Prevention of Legionellosis Associated with Building Water Systems

The American Society of Heating, Refrigerating and Air-Conditioning Engineers (ASHRAE) has developed a draft standard addressing the issue of Legionellosis, a disease caused by infection with the bacterium Legionella pneumophila. The bacterium received this name from the infamous incident that occurred at the 1976 American Legion conference in Philadelphia, where many attendees suffered from an outbreak of a type of pneumonia – resulting in 34 deaths. Legionella pneumophila is spread by the release of small droplets of contaminated water into the air from equipment such as air conditioning cooling towers, showers, misters, and humidifiers. In the Philadelphia Legionnaires’ disease outbreak, the hotel’s cooling tower was identified as the likely source of the disease, although domestic water sources were not evaluated.

Legionnaire’s disease is considered to be fairly common and serious in the United States. It is frequently characterized as an “opportunistic” disease that most frequently attacks individuals with an underlying illness or weakened immune system. The most susceptible include persons who are elderly, smokers, or immuno-suppressed.  Although approximately 1,000 cases are reported annually to the Center for Disease Control, it is estimated that over 25,000 cases occur each year and cause more than 4,000 deaths.

ASHRAE’s Proposed New Standard 188

The goal of ASHRAE’s proposed standard – applicable to human-occupied  buildings, excluding single-family residences – is to assist those in building design and facility management in preventing the occurrence of Legionellosis associated with building water systems. The standard addresses the risk of Legionellosis through the identification/characterization of hazards, design of the potable water system, maintenance of the water system, and operational controls to be instituted to reduce this risk.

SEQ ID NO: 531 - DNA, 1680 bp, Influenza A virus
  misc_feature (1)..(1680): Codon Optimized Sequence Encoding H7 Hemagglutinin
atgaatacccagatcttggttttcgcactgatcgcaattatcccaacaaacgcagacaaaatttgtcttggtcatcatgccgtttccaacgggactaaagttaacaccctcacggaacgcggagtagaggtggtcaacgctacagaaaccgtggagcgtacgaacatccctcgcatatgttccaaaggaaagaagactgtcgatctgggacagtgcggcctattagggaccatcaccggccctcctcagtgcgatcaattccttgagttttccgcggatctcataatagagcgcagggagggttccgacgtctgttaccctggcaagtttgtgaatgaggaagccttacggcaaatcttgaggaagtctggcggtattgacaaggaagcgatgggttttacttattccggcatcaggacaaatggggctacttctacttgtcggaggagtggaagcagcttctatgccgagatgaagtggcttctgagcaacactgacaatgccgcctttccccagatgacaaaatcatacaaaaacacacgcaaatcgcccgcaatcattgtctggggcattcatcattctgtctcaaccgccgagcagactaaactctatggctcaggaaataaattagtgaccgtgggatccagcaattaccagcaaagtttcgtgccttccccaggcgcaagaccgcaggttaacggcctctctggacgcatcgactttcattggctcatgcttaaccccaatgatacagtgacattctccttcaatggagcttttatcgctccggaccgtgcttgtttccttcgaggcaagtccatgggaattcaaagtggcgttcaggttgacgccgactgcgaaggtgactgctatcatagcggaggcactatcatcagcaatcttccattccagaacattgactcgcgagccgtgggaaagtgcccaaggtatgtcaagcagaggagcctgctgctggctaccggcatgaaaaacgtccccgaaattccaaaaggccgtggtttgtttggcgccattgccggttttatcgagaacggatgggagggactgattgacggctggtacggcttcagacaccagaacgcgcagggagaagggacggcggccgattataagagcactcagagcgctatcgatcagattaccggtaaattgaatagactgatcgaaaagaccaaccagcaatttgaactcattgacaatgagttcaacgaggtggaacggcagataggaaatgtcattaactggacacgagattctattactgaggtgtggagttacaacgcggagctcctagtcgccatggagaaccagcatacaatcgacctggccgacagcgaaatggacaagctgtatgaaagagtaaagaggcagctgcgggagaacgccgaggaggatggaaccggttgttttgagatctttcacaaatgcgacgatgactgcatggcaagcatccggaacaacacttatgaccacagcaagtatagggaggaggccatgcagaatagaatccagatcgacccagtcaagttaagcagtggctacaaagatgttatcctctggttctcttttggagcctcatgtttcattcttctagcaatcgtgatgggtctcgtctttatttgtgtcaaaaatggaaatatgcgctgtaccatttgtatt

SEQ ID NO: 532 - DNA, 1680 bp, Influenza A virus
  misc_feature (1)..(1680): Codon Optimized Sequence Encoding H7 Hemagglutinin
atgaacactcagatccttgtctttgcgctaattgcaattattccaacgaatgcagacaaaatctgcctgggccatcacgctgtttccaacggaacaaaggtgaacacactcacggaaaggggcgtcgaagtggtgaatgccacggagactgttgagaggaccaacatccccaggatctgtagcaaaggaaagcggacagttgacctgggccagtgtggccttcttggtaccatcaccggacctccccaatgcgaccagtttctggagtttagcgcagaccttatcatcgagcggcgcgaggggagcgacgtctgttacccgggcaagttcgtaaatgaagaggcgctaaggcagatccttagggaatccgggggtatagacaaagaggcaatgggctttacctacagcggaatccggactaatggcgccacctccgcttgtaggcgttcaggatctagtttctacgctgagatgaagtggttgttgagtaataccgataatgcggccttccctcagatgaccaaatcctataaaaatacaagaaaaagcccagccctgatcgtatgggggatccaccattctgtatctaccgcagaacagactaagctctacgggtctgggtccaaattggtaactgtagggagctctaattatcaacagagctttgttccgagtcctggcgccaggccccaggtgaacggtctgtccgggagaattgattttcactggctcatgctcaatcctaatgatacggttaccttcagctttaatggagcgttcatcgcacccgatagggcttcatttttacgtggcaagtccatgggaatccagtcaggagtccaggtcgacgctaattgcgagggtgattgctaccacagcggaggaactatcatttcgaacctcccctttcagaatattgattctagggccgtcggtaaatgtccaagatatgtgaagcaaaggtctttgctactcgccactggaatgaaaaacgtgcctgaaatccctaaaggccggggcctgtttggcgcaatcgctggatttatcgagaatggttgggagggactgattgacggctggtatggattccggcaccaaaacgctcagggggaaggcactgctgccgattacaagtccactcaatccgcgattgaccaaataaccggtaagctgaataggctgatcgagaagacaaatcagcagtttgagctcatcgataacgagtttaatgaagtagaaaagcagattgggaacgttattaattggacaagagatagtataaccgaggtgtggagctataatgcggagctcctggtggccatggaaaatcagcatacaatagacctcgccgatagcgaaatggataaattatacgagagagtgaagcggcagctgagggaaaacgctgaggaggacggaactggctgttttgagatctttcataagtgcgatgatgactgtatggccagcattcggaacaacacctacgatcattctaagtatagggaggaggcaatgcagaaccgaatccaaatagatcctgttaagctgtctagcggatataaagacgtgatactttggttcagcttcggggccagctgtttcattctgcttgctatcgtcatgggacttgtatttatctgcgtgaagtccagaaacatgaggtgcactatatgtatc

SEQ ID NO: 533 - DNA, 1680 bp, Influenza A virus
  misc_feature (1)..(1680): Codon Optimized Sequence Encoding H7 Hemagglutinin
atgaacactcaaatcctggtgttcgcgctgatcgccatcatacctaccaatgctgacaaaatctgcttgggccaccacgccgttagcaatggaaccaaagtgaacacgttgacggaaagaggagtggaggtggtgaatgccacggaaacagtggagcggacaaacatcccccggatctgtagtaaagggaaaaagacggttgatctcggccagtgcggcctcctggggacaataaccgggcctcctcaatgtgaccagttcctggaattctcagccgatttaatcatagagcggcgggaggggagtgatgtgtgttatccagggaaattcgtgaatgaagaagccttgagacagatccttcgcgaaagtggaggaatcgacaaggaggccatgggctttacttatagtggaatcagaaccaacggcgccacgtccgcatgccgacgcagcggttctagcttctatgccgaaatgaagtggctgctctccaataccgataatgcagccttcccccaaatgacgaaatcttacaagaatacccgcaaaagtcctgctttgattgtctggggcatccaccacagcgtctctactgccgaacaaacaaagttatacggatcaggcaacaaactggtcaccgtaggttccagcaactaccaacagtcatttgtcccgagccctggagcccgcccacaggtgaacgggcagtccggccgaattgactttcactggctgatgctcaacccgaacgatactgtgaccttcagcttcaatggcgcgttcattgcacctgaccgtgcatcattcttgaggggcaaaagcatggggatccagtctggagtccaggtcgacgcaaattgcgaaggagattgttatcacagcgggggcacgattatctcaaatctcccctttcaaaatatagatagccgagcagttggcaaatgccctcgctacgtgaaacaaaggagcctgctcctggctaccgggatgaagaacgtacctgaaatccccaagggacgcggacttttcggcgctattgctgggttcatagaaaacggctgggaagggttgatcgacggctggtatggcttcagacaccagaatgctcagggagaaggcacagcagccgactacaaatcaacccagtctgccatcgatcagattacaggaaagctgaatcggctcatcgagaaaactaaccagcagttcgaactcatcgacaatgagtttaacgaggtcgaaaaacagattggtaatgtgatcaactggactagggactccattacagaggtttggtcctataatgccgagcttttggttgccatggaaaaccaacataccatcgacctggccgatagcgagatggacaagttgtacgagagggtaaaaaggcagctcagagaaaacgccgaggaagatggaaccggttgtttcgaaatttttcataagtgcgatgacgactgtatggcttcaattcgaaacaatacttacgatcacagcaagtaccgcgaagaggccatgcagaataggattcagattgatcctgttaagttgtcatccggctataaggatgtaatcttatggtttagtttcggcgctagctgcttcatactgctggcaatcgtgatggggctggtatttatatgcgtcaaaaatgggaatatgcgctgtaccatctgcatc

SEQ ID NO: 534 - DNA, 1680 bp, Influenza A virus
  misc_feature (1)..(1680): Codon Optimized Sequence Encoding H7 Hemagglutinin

Identification/Characterization of Hazards – Determining the risk hazards at a facility is the first step to  reducing potential exposure to Legionella pneumophila. The risk identification/characterization typically includes evaluating:

  • Type of facility (healthcare facility, multiple housing units, etc.)
  • Facility occupants (immuno-compromised, etc.)
  • Aerosol-generating features (ornamental fountains, misters, evaporative coolers, etc.)
  • Existing potable water treatment systems
  •  Cooling towers and evaporative condensers

Based on the results of the initial survey, Hazard Analysis and Critical Control Point (HACCP) risk management can be used to reduce the potential of Legionellosis.

Design and Operation of the Potable Water System – The design and operation of the potable water system should be evaluated and designed to reduce the potential of Legionellosis. Areas that are critical to this design include hot water heater and storage vessel components. Potable water systems with deficiencies in these areas may require secondary disinfection systems. Operation parameters include the storage and distribution temperatures of designated cold and hot water systems.

Maintenance of the Potable Water System – The maintenance of the potable water system includes  scheduled inspections of thermostats, draining of hot water tanks, and inspection and cleaning of raised water storage systems.

OSHA’s Stand

Although this standard is not an OSHA regulation, when it is finalized it will be looked upon as a national  standard on Legionellosis exposure control methods for facility owners and operators. Chapter 7 of the OSHA Technical Manual specifically addresses controlling Legionellosis by identifying the source of potential contamination, implementing controls, and employee training. It is also important to note that the General Duty Clause of the Occupational Safety and Health Act requires that employees protect their employees and visitors from known hazards. With the introduction of a national standard addressing the source and prevention of Legionellosis, employers and facility owners are responsible to protect employees/occupants from this hazard.

Preventing Exposure…HETI Can Help

By establishing adequate barriers to transmission of Legionella bacteria, implementing sound maintenance procedures, and utilizing persistent and effective control mechanisms, users of the proposed ASHRAE standard can reduce the possibility of exposure of at-risk individuals.

Hydro-Environmental Technologies, Inc. (HETI) can assist you in assessing a facility for the risk of Legionella pneumophila exposure. Whether conducting a risk characterization survey, developing controls/measures to reduce the risk of Legionellosis, or assessing implemented controls and programs, HETI has the experience and technical expertise to assist you in reducing the risk of Legionellosis at a facility.